LPOSD faces Title IX complaint

Filing cites almost 20 years of neglect toward girls’ sports

By Zach Hagadone
Reader Staff

The Lake Pend Oreille School District has an almost 20-year history of failing to provide equal athletic opportunities for female students, according to a Title IX complaint filed July 8 with the U.S. Department of Education Office for Civil Rights in Seattle.

Allegations in the complaint specifically focused on the federal law’s “three-part participation test and accommodation factors,” with which the complaint alleged the district has not complied going back to 2002.

The “three-part participation test” considers whether opportunities for participation between male and female students are proportionate to their number of enrollments, whether an educational institution can demonstrate a history of efforts to expand athletic programs in response to the “interest and abilities” of underrepresented student groups, and whether students of an underrepresented sex are being “fully and effectively accommodated by the present program.”

Complainants cited a number of data points — focused on Sandpoint High School — that showed a “continuing history of sustained substantial female participation gaps … since 2004.”

The LPOSD building in Ponderay.
Photo by Ben Olson.

The numbers presented by the complaint show a disparity in female student athletic participation from 2015 to 2018 at Sandpoint High School. In the academic year 2015-’16, male students made up 49.18% of the student body but 63.47% participated in athletics, compared to females representing 50.82% of the student population yet only 36.53% involved in sports — a difference of 14.29%.  

In the 2017-’18 academic year, that disparity narrowed to 9.8%, but still indicated a systemic inequality, cited simply in the complaint as: “the opposite of a history and continuing practice of program expansion.”  

District officials in a July 12 statement to the Reader wrote, “LPOSD recognizes the importance of interscholastic activities for all students interested in participating, and we work diligently to ensure that all sports teams, regardless of gender, have fair and equal sports opportunities.” 

The complaint alleges that LPOSD’s reported female sports participation has been “padded with cheerleading and dance activity numbers.”

“Cheerleading does not qualify as a sport without full benefit of all equal opportunity factors provided for the district’s other interscholastic sports,” the complaint stated.

According to the complaint, SHS provides five male interscholastic sports amounting to 13 teams, while the district provides for six female sports with 13 teams, “not all of which exist at an interscholastic level equal to the male interscholastic sports.”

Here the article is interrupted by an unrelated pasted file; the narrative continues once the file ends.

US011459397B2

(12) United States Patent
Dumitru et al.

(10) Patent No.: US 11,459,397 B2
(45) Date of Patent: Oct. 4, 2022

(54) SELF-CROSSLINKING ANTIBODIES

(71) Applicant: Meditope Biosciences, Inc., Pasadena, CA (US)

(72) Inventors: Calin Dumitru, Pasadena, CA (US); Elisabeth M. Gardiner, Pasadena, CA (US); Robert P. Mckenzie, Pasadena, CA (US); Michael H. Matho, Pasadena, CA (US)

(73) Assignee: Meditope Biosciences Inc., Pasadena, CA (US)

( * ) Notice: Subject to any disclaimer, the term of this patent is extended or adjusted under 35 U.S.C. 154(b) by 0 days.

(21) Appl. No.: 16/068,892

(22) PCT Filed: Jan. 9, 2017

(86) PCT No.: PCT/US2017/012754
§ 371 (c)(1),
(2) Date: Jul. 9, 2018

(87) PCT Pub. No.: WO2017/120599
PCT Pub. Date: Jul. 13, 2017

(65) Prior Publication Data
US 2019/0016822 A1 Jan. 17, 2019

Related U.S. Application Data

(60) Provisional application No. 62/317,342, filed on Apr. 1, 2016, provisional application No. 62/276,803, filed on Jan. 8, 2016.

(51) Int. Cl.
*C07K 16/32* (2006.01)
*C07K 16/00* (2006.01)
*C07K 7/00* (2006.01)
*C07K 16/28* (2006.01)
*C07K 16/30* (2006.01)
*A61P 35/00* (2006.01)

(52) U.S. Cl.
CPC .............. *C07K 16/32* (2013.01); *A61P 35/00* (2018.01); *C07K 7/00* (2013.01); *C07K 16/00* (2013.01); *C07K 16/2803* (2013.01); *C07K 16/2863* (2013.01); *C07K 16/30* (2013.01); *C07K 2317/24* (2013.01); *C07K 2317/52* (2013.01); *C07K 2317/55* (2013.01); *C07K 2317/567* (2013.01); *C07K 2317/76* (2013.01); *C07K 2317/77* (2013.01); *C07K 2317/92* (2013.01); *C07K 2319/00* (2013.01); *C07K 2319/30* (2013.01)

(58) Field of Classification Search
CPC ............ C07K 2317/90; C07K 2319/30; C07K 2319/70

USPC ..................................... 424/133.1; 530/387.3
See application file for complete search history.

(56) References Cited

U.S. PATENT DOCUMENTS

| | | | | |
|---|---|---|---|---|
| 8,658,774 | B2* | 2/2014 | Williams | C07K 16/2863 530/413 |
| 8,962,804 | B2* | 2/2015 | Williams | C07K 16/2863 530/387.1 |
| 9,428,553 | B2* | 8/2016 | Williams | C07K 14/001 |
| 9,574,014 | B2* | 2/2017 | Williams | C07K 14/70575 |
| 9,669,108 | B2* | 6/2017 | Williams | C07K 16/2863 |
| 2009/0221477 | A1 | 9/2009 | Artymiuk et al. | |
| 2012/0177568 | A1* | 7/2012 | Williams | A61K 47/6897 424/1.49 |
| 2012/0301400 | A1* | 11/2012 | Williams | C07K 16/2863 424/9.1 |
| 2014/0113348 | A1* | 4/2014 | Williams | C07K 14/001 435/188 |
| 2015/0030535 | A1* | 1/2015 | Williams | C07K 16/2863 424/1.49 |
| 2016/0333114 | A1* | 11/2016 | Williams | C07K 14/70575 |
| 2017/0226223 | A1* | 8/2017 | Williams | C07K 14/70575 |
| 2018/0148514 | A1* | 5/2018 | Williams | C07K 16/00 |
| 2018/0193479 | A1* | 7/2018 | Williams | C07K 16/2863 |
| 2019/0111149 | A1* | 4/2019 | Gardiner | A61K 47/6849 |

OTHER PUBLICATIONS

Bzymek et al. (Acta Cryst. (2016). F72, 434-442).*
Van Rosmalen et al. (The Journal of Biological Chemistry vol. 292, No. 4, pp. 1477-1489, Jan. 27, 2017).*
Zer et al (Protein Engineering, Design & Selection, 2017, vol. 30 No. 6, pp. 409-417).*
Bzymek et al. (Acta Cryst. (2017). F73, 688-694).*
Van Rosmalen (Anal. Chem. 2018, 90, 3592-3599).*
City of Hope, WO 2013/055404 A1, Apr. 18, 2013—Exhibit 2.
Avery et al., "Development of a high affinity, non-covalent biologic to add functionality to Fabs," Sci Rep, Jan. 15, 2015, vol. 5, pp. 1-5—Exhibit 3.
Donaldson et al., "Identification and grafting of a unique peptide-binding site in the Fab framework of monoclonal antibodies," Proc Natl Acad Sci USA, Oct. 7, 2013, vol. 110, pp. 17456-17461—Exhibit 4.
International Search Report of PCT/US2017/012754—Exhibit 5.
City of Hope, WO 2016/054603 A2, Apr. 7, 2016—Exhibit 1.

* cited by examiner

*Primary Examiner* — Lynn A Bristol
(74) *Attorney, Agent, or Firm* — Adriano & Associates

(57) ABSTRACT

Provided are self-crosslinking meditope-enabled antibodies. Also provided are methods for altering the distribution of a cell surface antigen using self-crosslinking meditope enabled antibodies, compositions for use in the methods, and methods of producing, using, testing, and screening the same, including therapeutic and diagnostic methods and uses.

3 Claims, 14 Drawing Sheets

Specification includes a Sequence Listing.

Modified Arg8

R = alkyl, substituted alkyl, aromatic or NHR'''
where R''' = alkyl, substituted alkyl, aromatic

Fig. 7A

Meanwhile, Sandpoint Middle School in 2021-’22 added boys’ junior high football to its program without even bothering to conduct a survey of interest and while neglecting to create any commensurate program for female students “in the same no-survey fashion.”

“There is no reason to assume that women at Sandpoint High School and Sandpoint Middle School are less interested in sports than males, or those female students at other schools in the competitive region compete in those sports,” the complaint stated.

As far as “accommodation factors,” the complaint presented a list of disparities, from quality of uniforms, equipment and facilities; to practice and game scheduling; marketing; funding; and essentially every other aspect of interscholastic sports.

SHS football, in particular, is a problem according to the complaint: “Substantial Booster Club funding and gate revenue flows into the boys’ football and athletic programs unaccounted for and unchecked by the LPOSD that are not made available to the public for inspection nor do those funds equally benefit female sports.”

As well, supplemental contracts for boys’ sports coaches “far exceed the overall compensation provided for girls’ sports,” and the complaint alleges that local media fawns over boys’ sports in a manner that neither is “attempted or fostered by the LPOSD athletic directors or administration.”

Should the Seattle OCR office investigate the district — citing documents regarding similar complaints dating to 2002 — it would “take all necessary steps to remedy any unlawful conduct identified by its investigation” and, if violations are found, the office would withhold “all federal funding until such time assurances of compliance with Title IX from all schools in the district has been met.”

LPOSD officials in their statement to the Reader wrote, “This school district believes that extracurricular activities play an important part in the development of our students, and we will continue our efforts to create positive experiences for all our students. LPOSD is aware of the complaint, and if the office of civil rights does undertake an investigation, LPOSD will work with OCR to address its concerns.”

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